Our View: A career of community service

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Editorial Board, Sept. 25, 2011, to January 2012

  • Scott Stanford, general manager
  • Brent Boyer, editor
  • Tom Ross, reporter

Contact the editorial board at 970-871-4221 or editor@SteamboatToday.com. Would you like to be a member of the board? Fill out a letter of interest now.

Last week’s retirement celebration for veteran police Chief JD Hays officially brought an end to a commendable 30-plus-year tenure in local law enforcement for a man whose career came to be synonymous with integrity, honor and professionalism.

Being a cop isn’t easy anywhere, and that’s certainly true of Steamboat Springs, which provides its own unique challenges to law enforcement officers. While the community is fortunate to experience only occasional incidents of violent crime, the nature of being a resort town can stress the police department in other ways.

Our population ebbs and flows throughout the year from 10,000 or so full-time residents to as many as 30,000 inhabitants on any given weekend in winter and summer. The Steamboat Springs Police Department’s staff of patrol officers and community service officers handles an untold number of downtown parades, street closures, special events and other functions. And then there’s the thorny issue of application of the law in a resort town that depends on guests to help drive the economy.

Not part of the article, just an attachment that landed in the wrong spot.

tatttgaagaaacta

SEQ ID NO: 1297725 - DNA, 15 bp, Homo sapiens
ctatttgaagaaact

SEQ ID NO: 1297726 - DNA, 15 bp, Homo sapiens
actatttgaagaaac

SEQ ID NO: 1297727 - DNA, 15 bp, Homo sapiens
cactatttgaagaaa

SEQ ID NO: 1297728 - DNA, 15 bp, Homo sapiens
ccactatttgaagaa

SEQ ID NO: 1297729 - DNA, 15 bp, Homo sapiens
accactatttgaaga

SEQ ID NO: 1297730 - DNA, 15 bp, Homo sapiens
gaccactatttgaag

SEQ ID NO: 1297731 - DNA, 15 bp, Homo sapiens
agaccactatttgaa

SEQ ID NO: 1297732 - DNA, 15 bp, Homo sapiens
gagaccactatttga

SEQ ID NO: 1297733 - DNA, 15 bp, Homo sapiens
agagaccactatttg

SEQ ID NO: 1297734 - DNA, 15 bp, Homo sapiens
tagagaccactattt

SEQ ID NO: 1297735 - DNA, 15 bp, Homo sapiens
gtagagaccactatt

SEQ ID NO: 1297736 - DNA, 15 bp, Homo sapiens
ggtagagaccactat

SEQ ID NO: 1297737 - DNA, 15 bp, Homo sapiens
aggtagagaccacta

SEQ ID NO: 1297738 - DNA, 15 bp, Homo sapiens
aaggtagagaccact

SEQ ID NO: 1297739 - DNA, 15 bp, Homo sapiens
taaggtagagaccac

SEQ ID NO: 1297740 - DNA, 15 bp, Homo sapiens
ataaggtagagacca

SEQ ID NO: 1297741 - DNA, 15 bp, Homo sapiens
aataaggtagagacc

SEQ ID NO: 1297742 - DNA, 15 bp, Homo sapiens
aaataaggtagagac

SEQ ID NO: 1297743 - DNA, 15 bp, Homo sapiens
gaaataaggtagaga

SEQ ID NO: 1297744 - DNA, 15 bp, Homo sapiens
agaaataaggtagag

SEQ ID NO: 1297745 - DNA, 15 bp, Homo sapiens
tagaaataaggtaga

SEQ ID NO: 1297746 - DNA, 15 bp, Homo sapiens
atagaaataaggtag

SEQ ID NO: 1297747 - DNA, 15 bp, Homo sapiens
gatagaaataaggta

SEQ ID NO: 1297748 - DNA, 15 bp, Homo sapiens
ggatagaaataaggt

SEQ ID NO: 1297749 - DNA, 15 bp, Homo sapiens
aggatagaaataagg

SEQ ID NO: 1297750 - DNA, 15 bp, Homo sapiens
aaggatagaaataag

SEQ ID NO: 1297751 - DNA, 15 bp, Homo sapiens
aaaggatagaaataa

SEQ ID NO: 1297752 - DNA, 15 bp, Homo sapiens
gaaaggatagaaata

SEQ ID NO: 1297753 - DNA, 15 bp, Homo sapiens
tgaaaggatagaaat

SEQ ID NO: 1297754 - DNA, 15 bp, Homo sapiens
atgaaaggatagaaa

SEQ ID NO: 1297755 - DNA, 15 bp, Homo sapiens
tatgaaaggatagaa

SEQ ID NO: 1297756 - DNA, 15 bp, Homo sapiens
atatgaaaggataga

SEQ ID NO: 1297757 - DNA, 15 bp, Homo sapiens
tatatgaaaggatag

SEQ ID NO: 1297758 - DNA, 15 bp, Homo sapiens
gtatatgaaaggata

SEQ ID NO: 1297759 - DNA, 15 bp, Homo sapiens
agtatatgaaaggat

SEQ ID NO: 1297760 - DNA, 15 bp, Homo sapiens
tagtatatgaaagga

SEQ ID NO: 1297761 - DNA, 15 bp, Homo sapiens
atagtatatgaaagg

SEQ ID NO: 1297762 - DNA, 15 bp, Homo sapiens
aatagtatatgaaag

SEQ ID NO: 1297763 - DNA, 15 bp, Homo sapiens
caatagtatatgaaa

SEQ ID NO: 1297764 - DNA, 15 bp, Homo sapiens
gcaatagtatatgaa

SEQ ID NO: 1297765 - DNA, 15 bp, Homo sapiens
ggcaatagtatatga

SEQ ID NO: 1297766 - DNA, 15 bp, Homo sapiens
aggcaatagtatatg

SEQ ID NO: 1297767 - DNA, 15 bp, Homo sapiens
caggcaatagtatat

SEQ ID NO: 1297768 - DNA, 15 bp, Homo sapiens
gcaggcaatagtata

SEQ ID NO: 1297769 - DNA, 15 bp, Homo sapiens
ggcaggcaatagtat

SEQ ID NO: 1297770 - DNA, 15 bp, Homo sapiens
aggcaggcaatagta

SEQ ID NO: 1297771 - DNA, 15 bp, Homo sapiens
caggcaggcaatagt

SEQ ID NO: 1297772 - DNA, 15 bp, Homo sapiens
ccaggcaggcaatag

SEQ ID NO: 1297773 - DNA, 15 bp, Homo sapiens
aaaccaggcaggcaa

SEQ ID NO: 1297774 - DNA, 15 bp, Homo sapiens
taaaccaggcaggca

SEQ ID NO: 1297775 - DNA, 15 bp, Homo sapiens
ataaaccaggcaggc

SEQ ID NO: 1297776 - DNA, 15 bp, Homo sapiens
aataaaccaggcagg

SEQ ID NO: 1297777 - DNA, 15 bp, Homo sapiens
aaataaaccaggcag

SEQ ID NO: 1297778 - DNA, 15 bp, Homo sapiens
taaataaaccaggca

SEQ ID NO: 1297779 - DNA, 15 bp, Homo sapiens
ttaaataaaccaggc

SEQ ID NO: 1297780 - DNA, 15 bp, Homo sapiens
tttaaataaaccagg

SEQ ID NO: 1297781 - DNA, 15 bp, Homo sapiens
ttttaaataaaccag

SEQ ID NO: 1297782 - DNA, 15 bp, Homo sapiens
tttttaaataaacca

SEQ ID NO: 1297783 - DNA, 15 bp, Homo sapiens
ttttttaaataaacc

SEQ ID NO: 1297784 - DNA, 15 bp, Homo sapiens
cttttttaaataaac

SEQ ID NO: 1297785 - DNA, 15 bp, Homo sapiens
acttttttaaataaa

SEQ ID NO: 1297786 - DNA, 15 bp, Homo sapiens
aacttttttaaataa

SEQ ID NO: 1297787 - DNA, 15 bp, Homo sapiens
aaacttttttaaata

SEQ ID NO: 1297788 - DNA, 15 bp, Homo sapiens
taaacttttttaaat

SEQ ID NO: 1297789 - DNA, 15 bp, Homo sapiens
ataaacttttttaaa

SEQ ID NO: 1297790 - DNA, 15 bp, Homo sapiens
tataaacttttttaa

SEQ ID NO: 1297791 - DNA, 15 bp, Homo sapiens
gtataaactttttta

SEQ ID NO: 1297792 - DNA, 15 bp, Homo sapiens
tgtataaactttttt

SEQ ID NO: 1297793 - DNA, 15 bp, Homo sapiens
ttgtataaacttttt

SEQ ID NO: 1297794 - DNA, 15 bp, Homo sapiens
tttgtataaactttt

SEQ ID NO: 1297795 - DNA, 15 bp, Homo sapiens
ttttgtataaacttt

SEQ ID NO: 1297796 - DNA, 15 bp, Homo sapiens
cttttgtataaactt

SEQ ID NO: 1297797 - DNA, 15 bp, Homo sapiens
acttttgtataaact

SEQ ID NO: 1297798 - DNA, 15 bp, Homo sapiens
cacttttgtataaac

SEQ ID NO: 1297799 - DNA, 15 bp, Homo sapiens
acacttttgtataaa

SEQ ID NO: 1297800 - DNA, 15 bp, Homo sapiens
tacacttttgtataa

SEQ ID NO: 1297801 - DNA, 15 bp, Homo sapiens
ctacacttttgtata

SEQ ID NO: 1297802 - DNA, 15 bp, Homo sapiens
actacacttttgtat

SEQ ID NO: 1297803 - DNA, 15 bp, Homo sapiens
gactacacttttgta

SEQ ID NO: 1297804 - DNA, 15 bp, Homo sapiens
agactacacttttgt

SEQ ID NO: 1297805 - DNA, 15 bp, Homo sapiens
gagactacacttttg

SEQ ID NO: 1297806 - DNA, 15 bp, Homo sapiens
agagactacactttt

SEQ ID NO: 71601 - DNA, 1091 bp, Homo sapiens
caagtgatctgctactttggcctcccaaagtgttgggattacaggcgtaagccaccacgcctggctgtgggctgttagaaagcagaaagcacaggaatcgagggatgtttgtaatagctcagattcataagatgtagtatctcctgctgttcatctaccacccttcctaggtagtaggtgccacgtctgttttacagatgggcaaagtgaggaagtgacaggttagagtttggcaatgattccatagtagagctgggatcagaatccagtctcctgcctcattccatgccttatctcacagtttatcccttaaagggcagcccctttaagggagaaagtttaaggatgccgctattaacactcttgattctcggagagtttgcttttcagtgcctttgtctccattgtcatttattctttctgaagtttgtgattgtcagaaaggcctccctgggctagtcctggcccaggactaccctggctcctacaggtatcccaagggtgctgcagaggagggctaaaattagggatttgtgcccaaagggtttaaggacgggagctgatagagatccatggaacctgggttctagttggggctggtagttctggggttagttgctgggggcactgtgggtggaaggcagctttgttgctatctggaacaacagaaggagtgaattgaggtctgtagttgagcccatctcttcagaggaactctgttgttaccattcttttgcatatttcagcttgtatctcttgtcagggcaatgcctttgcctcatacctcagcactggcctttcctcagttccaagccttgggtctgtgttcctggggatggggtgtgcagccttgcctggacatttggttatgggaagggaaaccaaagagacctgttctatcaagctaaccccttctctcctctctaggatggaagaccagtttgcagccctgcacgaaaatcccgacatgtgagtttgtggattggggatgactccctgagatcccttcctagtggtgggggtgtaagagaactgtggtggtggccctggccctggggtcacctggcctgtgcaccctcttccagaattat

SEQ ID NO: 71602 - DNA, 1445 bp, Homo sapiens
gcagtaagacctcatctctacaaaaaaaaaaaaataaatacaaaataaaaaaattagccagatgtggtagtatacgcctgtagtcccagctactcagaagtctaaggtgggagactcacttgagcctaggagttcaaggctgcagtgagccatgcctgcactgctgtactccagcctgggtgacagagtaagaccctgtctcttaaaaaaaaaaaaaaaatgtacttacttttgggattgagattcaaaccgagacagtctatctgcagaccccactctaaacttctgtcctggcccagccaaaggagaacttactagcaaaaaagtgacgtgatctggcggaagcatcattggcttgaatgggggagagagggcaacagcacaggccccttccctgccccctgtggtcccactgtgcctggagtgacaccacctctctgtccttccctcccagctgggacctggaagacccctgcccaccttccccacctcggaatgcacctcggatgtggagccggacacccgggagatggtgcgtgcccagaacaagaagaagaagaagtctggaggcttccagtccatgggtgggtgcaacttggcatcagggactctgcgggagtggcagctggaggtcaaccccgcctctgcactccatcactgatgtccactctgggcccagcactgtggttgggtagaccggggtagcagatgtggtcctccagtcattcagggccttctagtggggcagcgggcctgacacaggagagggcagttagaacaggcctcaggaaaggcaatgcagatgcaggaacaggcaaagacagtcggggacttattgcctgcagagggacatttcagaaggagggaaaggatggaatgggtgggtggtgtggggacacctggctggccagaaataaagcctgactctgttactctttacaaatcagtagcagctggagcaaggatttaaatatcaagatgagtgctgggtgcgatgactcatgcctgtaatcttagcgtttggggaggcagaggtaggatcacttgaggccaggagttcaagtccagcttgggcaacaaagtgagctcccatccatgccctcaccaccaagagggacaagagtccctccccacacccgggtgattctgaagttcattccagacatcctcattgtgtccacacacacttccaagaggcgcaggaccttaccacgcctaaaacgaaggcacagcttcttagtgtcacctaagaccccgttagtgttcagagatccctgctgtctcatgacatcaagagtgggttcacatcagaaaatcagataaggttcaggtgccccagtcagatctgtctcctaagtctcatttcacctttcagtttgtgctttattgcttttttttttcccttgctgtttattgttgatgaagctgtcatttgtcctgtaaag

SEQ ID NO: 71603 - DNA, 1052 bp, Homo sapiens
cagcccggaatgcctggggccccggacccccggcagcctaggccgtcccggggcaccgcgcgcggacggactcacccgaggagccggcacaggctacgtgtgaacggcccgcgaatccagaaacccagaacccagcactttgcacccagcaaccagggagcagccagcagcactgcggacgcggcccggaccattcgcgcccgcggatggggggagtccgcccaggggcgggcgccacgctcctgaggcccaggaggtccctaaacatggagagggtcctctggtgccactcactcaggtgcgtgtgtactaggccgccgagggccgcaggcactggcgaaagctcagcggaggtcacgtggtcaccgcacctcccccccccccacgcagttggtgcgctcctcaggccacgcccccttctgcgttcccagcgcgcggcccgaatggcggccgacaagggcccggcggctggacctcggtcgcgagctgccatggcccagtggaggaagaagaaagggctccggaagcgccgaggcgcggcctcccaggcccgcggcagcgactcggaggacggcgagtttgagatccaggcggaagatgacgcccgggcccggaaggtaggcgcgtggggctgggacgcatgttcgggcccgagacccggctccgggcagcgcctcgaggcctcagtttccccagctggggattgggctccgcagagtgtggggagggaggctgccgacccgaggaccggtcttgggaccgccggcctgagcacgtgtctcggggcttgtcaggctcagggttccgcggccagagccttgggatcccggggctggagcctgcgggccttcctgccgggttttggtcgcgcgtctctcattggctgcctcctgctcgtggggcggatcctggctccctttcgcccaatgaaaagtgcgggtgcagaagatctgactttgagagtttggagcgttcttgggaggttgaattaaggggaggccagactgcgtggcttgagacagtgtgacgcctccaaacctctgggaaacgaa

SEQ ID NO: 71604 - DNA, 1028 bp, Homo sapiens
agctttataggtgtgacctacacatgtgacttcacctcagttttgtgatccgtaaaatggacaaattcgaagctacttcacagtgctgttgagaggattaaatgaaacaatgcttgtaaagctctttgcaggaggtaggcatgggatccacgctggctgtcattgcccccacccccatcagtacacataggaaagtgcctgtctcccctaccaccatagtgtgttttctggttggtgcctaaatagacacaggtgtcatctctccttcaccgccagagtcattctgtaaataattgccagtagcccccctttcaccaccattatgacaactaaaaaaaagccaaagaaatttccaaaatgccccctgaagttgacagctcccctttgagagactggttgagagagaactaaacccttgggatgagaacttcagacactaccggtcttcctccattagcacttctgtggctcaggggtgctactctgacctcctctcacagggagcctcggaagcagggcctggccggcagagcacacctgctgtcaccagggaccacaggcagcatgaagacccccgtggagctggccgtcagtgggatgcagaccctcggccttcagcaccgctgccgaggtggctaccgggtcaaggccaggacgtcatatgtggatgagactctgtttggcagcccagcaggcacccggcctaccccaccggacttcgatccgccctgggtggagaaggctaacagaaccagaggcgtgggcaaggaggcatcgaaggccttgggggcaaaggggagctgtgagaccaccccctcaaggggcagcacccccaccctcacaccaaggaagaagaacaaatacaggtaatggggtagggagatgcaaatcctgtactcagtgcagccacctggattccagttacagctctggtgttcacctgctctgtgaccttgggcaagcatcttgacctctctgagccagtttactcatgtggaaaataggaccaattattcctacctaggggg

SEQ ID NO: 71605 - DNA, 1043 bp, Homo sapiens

We don’t envy the role the police chief plays in our resort community, but we certainly respect it. JD Hays demonstrated during the course of his 32 years with the Steamboat Springs Police Department — three years as an officer, 14 years as a captain and 15 years as chief — a commitment to professionalism and integrity, something that he passed along to the many officers, captains and detectives he hired.

Hays told the Steamboat Pilot & Today last week that “so many times you see people in authority that turn into jerks as soon as they get a bit of authority, and that’s really upsetting to me. All people need to be treated with respect and dignity, even the bad ones, and that’s what I’ve always emphasized when I’ve been here.”

On Thursday, Hays’ family, friends and colleagues gathered near the Mountain Fire Station on the east side of Steamboat to commemorate his career with a fitting legacy. The small connector street that leads from U.S. Highway 40 to the intersection with Pine Grove Road near the Tennis Center at Steamboat Springs now is known as JD Hays Way. Thank you, JD, for a distinguished career serving our community.

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